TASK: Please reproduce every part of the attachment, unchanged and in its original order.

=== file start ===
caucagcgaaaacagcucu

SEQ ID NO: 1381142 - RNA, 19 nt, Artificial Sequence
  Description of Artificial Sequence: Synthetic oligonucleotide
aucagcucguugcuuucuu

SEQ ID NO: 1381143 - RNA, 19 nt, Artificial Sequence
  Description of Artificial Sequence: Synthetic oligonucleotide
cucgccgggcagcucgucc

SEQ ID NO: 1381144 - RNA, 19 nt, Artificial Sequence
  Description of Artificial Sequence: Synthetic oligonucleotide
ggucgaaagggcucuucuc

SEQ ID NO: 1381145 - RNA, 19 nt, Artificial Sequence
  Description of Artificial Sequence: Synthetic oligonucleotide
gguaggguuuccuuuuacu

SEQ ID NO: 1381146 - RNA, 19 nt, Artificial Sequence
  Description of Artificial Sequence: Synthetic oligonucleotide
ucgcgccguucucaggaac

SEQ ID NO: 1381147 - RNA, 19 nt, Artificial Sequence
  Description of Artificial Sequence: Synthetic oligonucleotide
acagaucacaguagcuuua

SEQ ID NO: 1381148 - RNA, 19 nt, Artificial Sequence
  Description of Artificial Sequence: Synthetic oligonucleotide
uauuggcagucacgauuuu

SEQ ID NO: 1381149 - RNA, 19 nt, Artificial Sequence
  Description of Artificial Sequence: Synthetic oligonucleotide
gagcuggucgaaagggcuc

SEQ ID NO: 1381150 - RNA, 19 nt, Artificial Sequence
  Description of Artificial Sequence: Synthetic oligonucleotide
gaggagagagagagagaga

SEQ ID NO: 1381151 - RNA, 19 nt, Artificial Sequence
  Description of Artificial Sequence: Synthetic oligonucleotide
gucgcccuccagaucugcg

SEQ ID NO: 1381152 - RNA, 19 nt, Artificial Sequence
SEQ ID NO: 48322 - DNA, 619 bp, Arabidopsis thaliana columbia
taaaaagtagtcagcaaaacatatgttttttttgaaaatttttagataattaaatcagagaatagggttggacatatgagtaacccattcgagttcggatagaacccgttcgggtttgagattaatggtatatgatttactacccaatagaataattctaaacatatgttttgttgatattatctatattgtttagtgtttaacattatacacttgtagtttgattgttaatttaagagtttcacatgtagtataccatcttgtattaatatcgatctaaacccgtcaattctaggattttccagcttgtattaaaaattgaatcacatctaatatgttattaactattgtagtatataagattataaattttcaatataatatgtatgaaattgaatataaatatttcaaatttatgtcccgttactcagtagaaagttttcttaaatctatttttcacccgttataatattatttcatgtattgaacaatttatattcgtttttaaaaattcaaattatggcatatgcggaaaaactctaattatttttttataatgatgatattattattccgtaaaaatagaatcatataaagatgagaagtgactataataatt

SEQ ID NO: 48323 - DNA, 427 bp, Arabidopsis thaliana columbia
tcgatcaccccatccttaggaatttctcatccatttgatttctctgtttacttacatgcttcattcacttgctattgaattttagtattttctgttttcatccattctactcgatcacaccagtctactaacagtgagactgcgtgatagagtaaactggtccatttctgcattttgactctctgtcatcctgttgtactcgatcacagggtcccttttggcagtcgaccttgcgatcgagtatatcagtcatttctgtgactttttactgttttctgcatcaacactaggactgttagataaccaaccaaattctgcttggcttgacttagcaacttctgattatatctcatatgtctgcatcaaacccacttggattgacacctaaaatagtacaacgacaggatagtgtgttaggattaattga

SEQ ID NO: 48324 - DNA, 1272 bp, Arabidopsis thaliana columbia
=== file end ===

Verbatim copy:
caucagcgaaaacagcucu

SEQ ID NO: 1381142 - RNA, 19 nt, Artificial Sequence
  Description of Artificial Sequence: Synthetic oligonucleotide
aucagcucguugcuuucuu

SEQ ID NO: 1381143 - RNA, 19 nt, Artificial Sequence
  Description of Artificial Sequence: Synthetic oligonucleotide
cucgccgggcagcucgucc

SEQ ID NO: 1381144 - RNA, 19 nt, Artificial Sequence
  Description of Artificial Sequence: Synthetic oligonucleotide
ggucgaaagggcucuucuc

SEQ ID NO: 1381145 - RNA, 19 nt, Artificial Sequence
  Description of Artificial Sequence: Synthetic oligonucleotide
gguaggguuuccuuuuacu

SEQ ID NO: 1381146 - RNA, 19 nt, Artificial Sequence
  Description of Artificial Sequence: Synthetic oligonucleotide
ucgcgccguucucaggaac

SEQ ID NO: 1381147 - RNA, 19 nt, Artificial Sequence
  Description of Artificial Sequence: Synthetic oligonucleotide
acagaucacaguagcuuua

SEQ ID NO: 1381148 - RNA, 19 nt, Artificial Sequence
  Description of Artificial Sequence: Synthetic oligonucleotide
uauuggcagucacgauuuu

SEQ ID NO: 1381149 - RNA, 19 nt, Artificial Sequence
  Description of Artificial Sequence: Synthetic oligonucleotide
gagcuggucgaaagggcuc

SEQ ID NO: 1381150 - RNA, 19 nt, Artificial Sequence
  Description of Artificial Sequence: Synthetic oligonucleotide
gaggagagagagagagaga

SEQ ID NO: 1381151 - RNA, 19 nt, Artificial Sequence
  Description of Artificial Sequence: Synthetic oligonucleotide
gucgcccuccagaucugcg

SEQ ID NO: 1381152 - RNA, 19 nt, Artificial Sequence
SEQ ID NO: 48322 - DNA, 619 bp, Arabidopsis thaliana columbia
taaaaagtagtcagcaaaacatatgttttttttgaaaatttttagataattaaatcagagaatagggttggacatatgagtaacccattcgagttcggatagaacccgttcgggtttgagattaatggtatatgatttactacccaatagaataattctaaacatatgttttgttgatattatctatattgtttagtgtttaacattatacacttgtagtttgattgttaatttaagagtttcacatgtagtataccatcttgtattaatatcgatctaaacccgtcaattctaggattttccagcttgtattaaaaattgaatcacatctaatatgttattaactattgtagtatataagattataaattttcaatataatatgtatgaaattgaatataaatatttcaaatttatgtcccgttactcagtagaaagttttcttaaatctatttttcacccgttataatattatttcatgtattgaacaatttatattcgtttttaaaaattcaaattatggcatatgcggaaaaactctaattatttttttataatgatgatattattattccgtaaaaatagaatcatataaagatgagaagtgactataataatt

SEQ ID NO: 48323 - DNA, 427 bp, Arabidopsis thaliana columbia
tcgatcaccccatccttaggaatttctcatccatttgatttctctgtttacttacatgcttcattcacttgctattgaattttagtattttctgttttcatccattctactcgatcacaccagtctactaacagtgagactgcgtgatagagtaaactggtccatttctgcattttgactctctgtcatcctgttgtactcgatcacagggtcccttttggcagtcgaccttgcgatcgagtatatcagtcatttctgtgactttttactgttttctgcatcaacactaggactgttagataaccaaccaaattctgcttggcttgacttagcaacttctgattatatctcatatgtctgcatcaaacccacttggattgacacctaaaatagtacaacgacaggatagtgtgttaggattaattga

SEQ ID NO: 48324 - DNA, 1272 bp, Arabidopsis thaliana columbia